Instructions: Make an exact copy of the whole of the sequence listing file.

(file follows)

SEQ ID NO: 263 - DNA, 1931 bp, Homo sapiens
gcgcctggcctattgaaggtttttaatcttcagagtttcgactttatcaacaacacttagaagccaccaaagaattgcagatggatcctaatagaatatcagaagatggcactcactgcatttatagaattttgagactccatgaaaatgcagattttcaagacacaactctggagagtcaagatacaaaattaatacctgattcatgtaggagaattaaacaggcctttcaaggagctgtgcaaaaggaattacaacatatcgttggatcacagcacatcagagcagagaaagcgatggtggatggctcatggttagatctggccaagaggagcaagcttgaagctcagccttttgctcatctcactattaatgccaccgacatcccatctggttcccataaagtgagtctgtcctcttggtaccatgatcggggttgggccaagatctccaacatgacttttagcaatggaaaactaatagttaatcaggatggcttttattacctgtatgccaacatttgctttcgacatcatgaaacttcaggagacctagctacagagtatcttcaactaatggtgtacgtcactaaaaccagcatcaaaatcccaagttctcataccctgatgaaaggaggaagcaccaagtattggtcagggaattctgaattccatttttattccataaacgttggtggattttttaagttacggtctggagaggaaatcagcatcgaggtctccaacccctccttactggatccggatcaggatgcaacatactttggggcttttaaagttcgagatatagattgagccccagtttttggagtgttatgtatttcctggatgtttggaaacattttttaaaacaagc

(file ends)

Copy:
SEQ ID NO: 263 - DNA, 1931 bp, Homo sapiens
gcgcctggcctattgaaggtttttaatcttcagagtttcgactttatcaacaacacttagaagccaccaaagaattgcagatggatcctaatagaatatcagaagatggcactcactgcatttatagaattttgagactccatgaaaatgcagattttcaagacacaactctggagagtcaagatacaaaattaatacctgattcatgtaggagaattaaacaggcctttcaaggagctgtgcaaaaggaattacaacatatcgttggatcacagcacatcagagcagagaaagcgatggtggatggctcatggttagatctggccaagaggagcaagcttgaagctcagccttttgctcatctcactattaatgccaccgacatcccatctggttcccataaagtgagtctgtcctcttggtaccatgatcggggttgggccaagatctccaacatgacttttagcaatggaaaactaatagttaatcaggatggcttttattacctgtatgccaacatttgctttcgacatcatgaaacttcaggagacctagctacagagtatcttcaactaatggtgtacgtcactaaaaccagcatcaaaatcccaagttctcataccctgatgaaaggaggaagcaccaagtattggtcagggaattctgaattccatttttattccataaacgttggtggattttttaagttacggtctggagaggaaatcagcatcgaggtctccaacccctccttactggatccggatcaggatgcaacatactttggggcttttaaagttcgagatatagattgagccccagtttttggagtgttatgtatttcctggatgtttggaaacattttttaaaacaagc